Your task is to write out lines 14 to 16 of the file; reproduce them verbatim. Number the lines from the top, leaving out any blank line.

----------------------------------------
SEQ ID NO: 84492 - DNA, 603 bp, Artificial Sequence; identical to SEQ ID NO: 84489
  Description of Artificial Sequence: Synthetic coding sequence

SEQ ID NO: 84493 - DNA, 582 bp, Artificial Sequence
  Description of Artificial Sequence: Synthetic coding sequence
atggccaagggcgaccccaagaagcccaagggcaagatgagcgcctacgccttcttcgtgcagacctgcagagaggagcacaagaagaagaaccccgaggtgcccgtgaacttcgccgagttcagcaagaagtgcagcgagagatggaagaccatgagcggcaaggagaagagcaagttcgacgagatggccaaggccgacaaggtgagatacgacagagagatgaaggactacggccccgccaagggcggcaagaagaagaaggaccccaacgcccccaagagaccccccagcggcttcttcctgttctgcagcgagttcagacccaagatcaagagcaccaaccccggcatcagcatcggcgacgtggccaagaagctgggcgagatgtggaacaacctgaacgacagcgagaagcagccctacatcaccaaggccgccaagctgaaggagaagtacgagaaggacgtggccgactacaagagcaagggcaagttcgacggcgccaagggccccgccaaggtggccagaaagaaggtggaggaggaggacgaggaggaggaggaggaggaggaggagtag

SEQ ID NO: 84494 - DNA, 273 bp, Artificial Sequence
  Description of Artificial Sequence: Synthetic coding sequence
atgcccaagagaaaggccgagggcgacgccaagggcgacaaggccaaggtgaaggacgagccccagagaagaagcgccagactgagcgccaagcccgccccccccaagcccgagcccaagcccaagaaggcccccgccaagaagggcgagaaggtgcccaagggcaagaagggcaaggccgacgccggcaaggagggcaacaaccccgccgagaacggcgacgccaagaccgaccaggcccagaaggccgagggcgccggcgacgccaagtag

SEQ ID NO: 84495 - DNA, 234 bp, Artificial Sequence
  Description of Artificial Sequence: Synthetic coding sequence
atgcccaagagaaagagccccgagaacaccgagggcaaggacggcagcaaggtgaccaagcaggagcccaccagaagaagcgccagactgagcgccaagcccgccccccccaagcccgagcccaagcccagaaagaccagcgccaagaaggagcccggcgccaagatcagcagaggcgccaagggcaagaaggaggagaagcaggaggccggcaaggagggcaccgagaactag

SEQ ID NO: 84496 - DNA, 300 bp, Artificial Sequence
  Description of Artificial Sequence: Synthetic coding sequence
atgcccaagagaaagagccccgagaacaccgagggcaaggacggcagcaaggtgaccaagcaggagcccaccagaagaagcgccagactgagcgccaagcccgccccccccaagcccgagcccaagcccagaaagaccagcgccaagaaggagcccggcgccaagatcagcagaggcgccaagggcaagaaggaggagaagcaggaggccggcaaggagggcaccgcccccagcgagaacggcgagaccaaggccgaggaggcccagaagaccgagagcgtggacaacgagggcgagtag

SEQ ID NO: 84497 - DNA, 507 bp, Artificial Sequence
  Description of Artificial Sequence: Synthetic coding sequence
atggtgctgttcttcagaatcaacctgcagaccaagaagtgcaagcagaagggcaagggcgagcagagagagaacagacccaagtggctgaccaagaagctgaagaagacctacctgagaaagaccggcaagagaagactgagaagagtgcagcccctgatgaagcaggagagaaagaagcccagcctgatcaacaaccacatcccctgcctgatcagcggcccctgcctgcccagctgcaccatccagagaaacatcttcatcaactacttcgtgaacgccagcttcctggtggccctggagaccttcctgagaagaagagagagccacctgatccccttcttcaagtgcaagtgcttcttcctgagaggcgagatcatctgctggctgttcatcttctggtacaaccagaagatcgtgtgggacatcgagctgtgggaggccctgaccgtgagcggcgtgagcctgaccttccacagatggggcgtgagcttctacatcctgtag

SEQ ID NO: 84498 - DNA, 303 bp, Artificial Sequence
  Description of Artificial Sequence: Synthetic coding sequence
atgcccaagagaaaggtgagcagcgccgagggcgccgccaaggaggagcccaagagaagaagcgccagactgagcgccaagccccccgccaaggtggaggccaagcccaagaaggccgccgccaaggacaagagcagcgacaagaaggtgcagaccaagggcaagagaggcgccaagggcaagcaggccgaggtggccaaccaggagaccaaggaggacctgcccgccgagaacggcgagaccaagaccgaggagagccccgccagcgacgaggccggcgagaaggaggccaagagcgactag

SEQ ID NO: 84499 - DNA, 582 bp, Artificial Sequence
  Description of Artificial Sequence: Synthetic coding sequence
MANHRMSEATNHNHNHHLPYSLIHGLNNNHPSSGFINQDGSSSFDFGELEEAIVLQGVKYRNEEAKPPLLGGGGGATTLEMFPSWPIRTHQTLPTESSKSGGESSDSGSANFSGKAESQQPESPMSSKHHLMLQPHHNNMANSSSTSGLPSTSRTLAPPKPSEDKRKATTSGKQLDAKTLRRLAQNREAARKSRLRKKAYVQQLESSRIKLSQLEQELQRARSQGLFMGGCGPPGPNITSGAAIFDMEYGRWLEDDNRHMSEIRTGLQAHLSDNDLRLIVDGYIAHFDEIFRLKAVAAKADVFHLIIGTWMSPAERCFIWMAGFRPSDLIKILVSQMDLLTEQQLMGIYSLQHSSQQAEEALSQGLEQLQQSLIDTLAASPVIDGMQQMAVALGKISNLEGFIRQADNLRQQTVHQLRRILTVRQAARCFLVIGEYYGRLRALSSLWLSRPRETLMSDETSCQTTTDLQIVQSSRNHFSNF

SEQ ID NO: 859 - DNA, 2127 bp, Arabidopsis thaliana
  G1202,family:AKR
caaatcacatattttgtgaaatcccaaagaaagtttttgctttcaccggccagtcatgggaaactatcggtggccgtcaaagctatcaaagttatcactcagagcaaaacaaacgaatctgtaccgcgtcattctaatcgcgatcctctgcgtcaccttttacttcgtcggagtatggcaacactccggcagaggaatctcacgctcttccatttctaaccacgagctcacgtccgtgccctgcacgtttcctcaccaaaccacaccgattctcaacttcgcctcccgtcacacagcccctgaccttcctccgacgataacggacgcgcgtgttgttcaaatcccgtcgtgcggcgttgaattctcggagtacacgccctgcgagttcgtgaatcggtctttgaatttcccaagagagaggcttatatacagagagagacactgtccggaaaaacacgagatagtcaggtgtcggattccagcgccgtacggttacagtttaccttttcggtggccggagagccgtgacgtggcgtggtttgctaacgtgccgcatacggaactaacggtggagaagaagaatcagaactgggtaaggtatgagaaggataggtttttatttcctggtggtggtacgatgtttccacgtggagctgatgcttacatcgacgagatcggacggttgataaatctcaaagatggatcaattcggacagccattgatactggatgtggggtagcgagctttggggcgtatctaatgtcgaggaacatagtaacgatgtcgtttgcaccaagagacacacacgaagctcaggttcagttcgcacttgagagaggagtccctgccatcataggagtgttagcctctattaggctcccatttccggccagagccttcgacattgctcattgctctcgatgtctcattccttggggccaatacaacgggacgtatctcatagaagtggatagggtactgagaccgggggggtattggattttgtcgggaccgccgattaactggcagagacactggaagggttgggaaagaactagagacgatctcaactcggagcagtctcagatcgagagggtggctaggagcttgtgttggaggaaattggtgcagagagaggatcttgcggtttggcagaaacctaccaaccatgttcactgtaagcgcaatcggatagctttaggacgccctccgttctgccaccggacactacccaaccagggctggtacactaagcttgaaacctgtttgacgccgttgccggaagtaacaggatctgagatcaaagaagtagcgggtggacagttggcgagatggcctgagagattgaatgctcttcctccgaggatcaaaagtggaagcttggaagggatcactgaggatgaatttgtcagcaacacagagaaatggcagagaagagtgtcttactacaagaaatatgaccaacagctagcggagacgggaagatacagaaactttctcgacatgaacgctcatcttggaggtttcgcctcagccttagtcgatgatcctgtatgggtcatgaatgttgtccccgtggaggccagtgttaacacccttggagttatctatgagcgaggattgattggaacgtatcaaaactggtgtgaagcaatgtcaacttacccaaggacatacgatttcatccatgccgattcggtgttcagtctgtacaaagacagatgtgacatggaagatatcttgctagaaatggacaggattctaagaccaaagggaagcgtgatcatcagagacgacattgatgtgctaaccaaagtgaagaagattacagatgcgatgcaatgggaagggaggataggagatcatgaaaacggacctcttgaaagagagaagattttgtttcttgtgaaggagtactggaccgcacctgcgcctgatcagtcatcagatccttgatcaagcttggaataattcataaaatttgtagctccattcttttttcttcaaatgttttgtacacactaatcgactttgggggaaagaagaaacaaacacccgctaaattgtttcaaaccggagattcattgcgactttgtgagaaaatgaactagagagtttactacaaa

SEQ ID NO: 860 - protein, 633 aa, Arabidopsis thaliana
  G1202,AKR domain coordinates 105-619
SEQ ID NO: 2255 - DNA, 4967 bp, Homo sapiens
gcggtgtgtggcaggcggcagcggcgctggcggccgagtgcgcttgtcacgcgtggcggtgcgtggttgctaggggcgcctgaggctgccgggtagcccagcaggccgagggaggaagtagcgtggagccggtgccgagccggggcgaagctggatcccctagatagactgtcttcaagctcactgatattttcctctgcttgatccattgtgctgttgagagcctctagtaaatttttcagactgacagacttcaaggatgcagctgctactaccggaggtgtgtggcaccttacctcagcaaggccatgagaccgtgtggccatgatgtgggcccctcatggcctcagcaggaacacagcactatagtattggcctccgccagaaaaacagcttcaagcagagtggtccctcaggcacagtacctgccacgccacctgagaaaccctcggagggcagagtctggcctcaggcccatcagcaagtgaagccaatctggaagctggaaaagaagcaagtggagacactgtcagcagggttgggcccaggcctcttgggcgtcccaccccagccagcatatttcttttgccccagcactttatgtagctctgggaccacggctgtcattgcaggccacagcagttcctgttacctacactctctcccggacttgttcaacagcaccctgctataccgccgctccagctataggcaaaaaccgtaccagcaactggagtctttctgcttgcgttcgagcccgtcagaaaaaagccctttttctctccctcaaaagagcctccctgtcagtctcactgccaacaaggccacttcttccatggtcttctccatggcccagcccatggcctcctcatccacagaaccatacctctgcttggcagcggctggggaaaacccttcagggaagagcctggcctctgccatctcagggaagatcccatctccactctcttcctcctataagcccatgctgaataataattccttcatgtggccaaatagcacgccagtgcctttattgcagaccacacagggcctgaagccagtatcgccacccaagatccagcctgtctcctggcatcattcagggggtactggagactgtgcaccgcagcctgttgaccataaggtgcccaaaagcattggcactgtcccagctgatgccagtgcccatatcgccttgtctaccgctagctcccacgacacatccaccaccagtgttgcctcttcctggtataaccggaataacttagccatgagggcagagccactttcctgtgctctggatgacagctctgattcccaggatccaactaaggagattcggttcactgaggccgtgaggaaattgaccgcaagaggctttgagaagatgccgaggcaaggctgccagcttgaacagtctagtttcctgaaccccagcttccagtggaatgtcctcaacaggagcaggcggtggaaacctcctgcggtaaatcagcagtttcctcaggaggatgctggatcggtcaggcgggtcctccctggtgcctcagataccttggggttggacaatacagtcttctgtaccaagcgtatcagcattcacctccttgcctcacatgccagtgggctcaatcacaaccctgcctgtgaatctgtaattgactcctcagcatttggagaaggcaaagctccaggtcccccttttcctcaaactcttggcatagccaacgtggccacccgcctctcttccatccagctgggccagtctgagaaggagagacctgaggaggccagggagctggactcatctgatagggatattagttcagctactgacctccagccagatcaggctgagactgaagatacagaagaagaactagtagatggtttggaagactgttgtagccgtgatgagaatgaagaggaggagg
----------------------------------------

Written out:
atgcccaagagaaagagccccgagaacaccgagggcaaggacggcagcaaggtgaccaagcaggagcccaccagaagaagcgccagactgagcgccaagcccgccccccccaagcccgagcccaagcccagaaagaccagcgccaagaaggagcccggcgccaagatcagcagaggcgccaagggcaagaaggaggagaagcaggaggccggcaaggagggcaccgcccccagcgagaacggcgagaccaaggccgaggaggcccagaagaccgagagcgtggacaacgagggcgagtag

SEQ ID NO: 84497 - DNA, 507 bp, Artificial Sequence
  Description of Artificial Sequence: Synthetic coding sequence